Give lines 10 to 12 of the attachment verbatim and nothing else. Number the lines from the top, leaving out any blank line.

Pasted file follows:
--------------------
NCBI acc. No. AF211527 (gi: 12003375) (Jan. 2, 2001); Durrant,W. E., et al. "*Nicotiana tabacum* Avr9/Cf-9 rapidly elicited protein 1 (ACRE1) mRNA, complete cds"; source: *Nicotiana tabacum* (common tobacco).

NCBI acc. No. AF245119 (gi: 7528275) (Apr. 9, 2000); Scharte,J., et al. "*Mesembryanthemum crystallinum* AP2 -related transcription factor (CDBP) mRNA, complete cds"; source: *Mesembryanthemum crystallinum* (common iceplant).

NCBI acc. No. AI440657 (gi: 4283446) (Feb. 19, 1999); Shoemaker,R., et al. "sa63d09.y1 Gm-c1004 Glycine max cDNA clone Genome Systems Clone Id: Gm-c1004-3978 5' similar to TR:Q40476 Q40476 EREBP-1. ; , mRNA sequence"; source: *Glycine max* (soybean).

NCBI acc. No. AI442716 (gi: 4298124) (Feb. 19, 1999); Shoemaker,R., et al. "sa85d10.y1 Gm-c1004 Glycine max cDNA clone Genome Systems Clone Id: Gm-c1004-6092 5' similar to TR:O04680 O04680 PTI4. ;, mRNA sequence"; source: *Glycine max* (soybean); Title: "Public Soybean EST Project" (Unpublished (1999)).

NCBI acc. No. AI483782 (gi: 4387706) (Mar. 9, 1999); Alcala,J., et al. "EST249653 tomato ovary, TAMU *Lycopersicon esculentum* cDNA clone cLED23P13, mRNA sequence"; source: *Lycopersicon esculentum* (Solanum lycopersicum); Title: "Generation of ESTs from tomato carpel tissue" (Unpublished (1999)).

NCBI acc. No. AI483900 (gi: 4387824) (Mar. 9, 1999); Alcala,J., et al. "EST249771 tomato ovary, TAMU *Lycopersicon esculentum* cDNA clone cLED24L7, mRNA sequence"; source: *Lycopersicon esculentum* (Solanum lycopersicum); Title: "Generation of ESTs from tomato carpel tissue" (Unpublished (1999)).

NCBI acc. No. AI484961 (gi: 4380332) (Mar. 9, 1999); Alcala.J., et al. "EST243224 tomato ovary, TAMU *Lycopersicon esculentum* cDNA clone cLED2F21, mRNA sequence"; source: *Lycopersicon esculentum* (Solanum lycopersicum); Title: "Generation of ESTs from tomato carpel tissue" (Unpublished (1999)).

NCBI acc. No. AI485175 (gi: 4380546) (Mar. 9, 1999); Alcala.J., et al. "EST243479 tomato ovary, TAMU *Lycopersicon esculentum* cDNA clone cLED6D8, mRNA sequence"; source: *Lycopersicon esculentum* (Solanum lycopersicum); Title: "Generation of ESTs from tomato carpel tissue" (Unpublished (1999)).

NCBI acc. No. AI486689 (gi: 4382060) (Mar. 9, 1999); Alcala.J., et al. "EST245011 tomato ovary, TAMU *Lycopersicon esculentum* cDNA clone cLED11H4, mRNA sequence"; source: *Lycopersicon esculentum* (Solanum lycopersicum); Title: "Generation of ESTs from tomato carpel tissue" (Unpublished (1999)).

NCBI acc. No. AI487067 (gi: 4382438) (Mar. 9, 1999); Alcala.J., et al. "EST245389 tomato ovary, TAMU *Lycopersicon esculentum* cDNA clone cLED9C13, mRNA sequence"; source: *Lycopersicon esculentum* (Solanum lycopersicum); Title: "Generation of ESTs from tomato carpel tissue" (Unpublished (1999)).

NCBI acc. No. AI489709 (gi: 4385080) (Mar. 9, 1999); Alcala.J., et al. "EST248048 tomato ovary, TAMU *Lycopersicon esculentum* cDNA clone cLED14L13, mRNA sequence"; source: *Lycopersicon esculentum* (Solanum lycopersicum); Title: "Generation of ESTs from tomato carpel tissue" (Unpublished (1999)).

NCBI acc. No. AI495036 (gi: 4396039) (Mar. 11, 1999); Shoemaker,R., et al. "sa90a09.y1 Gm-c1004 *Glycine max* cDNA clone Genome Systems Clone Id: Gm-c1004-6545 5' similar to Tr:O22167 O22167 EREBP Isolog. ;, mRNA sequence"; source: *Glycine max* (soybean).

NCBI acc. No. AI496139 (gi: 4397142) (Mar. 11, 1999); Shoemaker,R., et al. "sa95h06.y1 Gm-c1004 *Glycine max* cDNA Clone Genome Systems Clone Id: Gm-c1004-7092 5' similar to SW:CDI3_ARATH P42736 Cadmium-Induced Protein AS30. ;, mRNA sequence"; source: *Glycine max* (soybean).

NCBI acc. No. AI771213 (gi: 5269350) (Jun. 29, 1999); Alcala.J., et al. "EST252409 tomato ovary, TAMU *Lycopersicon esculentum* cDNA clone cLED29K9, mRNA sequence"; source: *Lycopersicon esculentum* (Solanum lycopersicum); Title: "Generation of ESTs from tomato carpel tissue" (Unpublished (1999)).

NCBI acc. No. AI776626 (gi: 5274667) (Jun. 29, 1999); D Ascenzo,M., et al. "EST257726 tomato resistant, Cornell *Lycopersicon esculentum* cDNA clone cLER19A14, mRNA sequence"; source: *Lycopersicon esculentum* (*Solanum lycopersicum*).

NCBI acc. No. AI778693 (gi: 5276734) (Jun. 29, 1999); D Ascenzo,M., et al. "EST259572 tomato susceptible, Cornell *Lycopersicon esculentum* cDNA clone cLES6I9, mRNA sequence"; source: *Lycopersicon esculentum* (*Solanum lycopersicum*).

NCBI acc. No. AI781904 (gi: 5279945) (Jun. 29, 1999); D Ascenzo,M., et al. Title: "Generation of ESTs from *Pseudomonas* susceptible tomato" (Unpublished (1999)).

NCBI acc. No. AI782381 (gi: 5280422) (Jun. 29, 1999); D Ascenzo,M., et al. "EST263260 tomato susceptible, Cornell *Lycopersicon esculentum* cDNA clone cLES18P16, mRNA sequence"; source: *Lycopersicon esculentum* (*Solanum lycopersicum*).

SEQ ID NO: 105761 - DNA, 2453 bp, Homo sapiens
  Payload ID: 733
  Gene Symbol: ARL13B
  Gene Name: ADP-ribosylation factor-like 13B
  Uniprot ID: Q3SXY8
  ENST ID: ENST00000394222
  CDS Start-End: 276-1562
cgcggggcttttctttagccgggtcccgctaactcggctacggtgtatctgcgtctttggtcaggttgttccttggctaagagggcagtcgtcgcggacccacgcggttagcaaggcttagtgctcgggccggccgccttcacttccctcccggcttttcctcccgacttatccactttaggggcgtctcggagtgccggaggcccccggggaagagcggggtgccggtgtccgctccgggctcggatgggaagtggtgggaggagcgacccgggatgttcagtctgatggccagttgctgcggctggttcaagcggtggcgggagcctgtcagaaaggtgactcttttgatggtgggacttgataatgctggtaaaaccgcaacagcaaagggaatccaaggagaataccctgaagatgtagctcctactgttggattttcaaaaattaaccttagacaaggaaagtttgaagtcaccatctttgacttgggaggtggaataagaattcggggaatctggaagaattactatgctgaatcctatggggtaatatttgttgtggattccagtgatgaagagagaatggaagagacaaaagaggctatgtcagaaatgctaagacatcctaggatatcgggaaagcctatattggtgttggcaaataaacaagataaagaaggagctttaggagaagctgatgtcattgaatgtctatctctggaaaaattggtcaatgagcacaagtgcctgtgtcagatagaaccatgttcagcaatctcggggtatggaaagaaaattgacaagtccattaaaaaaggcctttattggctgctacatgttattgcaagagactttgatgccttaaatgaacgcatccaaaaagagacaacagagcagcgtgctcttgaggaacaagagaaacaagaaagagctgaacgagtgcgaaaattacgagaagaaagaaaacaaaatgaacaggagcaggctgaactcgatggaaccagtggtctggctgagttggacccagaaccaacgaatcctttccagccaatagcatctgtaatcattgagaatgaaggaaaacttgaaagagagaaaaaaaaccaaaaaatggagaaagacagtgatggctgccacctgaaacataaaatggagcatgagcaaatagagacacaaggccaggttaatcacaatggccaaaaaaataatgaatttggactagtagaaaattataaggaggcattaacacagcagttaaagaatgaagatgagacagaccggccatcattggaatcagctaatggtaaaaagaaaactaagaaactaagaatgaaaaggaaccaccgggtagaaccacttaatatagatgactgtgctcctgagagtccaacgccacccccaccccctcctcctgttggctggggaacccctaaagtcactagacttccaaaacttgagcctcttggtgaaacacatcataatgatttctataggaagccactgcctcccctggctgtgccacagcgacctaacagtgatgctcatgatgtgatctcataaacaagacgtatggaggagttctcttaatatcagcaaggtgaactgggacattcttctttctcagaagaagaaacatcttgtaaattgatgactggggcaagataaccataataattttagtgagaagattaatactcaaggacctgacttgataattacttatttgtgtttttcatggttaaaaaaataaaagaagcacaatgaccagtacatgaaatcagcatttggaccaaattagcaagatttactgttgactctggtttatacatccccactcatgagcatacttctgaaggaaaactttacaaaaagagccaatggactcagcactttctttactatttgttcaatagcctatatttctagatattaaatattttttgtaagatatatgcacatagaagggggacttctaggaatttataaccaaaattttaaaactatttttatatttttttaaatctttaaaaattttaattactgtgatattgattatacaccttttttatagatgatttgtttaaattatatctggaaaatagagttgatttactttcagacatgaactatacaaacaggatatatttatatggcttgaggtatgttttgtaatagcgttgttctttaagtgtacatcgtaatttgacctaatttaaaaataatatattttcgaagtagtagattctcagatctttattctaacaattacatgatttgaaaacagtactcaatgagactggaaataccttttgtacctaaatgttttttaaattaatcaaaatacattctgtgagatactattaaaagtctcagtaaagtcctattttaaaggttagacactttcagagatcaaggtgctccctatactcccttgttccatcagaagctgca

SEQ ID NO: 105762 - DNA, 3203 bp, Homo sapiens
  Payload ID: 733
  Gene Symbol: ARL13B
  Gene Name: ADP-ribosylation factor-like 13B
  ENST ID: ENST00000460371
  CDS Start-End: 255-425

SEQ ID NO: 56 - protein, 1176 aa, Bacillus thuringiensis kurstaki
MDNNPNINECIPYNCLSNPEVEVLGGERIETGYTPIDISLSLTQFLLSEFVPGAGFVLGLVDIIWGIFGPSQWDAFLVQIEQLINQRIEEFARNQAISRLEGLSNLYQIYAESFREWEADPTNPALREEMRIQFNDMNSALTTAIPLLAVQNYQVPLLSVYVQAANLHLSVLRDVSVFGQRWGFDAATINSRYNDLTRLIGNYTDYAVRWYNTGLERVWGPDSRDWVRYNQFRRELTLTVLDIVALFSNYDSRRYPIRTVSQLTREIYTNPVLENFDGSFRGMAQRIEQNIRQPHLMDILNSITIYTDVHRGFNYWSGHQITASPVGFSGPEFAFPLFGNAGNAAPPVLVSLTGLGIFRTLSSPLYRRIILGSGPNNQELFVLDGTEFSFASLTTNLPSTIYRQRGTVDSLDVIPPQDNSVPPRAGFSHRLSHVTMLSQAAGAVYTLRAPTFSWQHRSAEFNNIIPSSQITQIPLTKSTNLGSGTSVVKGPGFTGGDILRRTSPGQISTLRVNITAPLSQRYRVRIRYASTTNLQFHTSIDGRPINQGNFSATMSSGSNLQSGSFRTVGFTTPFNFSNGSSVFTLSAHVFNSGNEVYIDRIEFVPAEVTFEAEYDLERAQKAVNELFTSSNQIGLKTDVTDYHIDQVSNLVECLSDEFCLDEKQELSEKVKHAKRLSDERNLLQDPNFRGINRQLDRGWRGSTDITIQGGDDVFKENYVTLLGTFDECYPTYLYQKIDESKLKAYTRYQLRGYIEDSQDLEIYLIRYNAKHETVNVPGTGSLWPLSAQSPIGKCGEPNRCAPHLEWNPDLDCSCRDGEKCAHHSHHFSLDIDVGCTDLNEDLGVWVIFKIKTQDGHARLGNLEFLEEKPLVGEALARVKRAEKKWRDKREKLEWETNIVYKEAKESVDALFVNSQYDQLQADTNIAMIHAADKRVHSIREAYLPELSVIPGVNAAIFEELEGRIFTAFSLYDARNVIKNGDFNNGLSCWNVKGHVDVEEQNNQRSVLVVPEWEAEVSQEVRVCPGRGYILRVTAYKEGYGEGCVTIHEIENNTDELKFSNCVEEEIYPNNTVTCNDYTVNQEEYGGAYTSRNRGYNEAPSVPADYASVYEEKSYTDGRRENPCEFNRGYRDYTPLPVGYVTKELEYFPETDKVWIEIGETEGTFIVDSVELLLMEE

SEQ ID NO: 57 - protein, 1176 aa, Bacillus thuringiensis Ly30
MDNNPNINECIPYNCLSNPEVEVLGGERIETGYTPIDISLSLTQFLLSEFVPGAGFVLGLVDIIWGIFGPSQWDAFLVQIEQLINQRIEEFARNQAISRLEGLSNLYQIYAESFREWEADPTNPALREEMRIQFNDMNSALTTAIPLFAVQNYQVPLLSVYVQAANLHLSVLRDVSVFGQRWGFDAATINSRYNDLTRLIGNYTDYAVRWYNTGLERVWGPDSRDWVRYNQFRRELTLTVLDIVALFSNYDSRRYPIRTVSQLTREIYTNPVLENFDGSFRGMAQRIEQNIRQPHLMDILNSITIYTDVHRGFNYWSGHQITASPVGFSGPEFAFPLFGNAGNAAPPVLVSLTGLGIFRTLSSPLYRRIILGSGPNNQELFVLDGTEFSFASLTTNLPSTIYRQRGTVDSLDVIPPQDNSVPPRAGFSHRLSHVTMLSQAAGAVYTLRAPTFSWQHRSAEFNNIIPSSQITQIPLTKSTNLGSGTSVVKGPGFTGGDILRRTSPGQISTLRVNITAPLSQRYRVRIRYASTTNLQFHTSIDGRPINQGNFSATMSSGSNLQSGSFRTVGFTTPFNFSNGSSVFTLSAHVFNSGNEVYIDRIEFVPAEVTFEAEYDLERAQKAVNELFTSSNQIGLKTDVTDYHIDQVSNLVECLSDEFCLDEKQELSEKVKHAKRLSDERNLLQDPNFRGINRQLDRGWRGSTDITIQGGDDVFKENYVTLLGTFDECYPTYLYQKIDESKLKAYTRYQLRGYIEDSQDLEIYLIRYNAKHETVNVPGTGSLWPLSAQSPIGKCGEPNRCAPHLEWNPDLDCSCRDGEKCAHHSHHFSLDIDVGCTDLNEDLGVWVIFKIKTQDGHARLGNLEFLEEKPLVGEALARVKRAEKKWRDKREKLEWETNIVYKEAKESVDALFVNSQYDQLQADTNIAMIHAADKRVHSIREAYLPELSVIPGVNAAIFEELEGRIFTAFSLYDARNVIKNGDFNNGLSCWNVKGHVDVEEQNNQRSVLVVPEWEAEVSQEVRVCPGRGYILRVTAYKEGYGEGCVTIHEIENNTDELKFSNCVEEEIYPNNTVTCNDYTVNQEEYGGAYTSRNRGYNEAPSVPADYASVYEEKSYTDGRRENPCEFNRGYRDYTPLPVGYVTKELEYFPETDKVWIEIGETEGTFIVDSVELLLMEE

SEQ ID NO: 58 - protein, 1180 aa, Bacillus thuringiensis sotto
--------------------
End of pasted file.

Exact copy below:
NCBI acc. No. AI487067 (gi: 4382438) (Mar. 9, 1999); Alcala.J., et al. "EST245389 tomato ovary, TAMU *Lycopersicon esculentum* cDNA clone cLED9C13, mRNA sequence"; source: *Lycopersicon esculentum* (Solanum lycopersicum); Title: "Generation of ESTs from tomato carpel tissue" (Unpublished (1999)).

NCBI acc. No. AI489709 (gi: 4385080) (Mar. 9, 1999); Alcala.J., et al. "EST248048 tomato ovary, TAMU *Lycopersicon esculentum* cDNA clone cLED14L13, mRNA sequence"; source: *Lycopersicon esculentum* (Solanum lycopersicum); Title: "Generation of ESTs from tomato carpel tissue" (Unpublished (1999)).

NCBI acc. No. AI495036 (gi: 4396039) (Mar. 11, 1999); Shoemaker,R., et al. "sa90a09.y1 Gm-c1004 *Glycine max* cDNA clone Genome Systems Clone Id: Gm-c1004-6545 5' similar to Tr:O22167 O22167 EREBP Isolog. ;, mRNA sequence"; source: *Glycine max* (soybean).